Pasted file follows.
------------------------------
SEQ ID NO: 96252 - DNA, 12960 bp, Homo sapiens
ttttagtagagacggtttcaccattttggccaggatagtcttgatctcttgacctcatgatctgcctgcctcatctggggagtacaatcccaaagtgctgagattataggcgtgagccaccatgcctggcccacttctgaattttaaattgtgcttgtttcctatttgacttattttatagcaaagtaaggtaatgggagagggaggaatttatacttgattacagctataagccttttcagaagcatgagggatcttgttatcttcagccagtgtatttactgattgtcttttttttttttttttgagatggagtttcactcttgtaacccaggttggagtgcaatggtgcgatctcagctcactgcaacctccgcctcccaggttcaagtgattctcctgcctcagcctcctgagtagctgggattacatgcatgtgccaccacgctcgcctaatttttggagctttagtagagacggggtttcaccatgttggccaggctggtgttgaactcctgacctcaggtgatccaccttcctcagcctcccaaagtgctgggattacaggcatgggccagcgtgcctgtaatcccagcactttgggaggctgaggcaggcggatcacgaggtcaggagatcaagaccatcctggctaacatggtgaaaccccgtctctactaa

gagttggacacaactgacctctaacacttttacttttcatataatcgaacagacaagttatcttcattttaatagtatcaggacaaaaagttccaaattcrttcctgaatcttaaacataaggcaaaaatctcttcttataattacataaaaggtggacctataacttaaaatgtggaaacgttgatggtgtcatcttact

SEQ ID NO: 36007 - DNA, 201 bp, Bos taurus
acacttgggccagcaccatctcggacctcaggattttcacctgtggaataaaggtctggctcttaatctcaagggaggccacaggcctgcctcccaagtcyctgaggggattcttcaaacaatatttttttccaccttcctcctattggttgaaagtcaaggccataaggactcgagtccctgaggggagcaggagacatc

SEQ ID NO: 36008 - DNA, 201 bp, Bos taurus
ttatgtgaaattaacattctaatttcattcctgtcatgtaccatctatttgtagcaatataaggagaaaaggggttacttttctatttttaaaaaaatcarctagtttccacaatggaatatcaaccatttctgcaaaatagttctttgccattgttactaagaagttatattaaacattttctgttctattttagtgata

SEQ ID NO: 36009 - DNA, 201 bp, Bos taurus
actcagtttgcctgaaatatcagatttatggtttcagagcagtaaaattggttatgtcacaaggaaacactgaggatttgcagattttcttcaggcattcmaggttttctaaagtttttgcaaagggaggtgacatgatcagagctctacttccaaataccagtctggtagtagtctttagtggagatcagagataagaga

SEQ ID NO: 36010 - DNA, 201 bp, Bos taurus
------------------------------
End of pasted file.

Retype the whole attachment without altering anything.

SEQ ID NO: 96252 - DNA, 12960 bp, Homo sapiens
ttttagtagagacggtttcaccattttggccaggatagtcttgatctcttgacctcatgatctgcctgcctcatctggggagtacaatcccaaagtgctgagattataggcgtgagccaccatgcctggcccacttctgaattttaaattgtgcttgtttcctatttgacttattttatagcaaagtaaggtaatgggagagggaggaatttatacttgattacagctataagccttttcagaagcatgagggatcttgttatcttcagccagtgtatttactgattgtcttttttttttttttttgagatggagtttcactcttgtaacccaggttggagtgcaatggtgcgatctcagctcactgcaacctccgcctcccaggttcaagtgattctcctgcctcagcctcctgagtagctgggattacatgcatgtgccaccacgctcgcctaatttttggagctttagtagagacggggtttcaccatgttggccaggctggtgttgaactcctgacctcaggtgatccaccttcctcagcctcccaaagtgctgggattacaggcatgggccagcgtgcctgtaatcccagcactttgggaggctgaggcaggcggatcacgaggtcaggagatcaagaccatcctggctaacatggtgaaaccccgtctctactaa

gagttggacacaactgacctctaacacttttacttttcatataatcgaacagacaagttatcttcattttaatagtatcaggacaaaaagttccaaattcrttcctgaatcttaaacataaggcaaaaatctcttcttataattacataaaaggtggacctataacttaaaatgtggaaacgttgatggtgtcatcttact

SEQ ID NO: 36007 - DNA, 201 bp, Bos taurus
acacttgggccagcaccatctcggacctcaggattttcacctgtggaataaaggtctggctcttaatctcaagggaggccacaggcctgcctcccaagtcyctgaggggattcttcaaacaatatttttttccaccttcctcctattggttgaaagtcaaggccataaggactcgagtccctgaggggagcaggagacatc

SEQ ID NO: 36008 - DNA, 201 bp, Bos taurus
ttatgtgaaattaacattctaatttcattcctgtcatgtaccatctatttgtagcaatataaggagaaaaggggttacttttctatttttaaaaaaatcarctagtttccacaatggaatatcaaccatttctgcaaaatagttctttgccattgttactaagaagttatattaaacattttctgttctattttagtgata

SEQ ID NO: 36009 - DNA, 201 bp, Bos taurus
actcagtttgcctgaaatatcagatttatggtttcagagcagtaaaattggttatgtcacaaggaaacactgaggatttgcagattttcttcaggcattcmaggttttctaaagtttttgcaaagggaggtgacatgatcagagctctacttccaaataccagtctggtagtagtctttagtggagatcagagataagaga

SEQ ID NO: 36010 - DNA, 201 bp, Bos taurus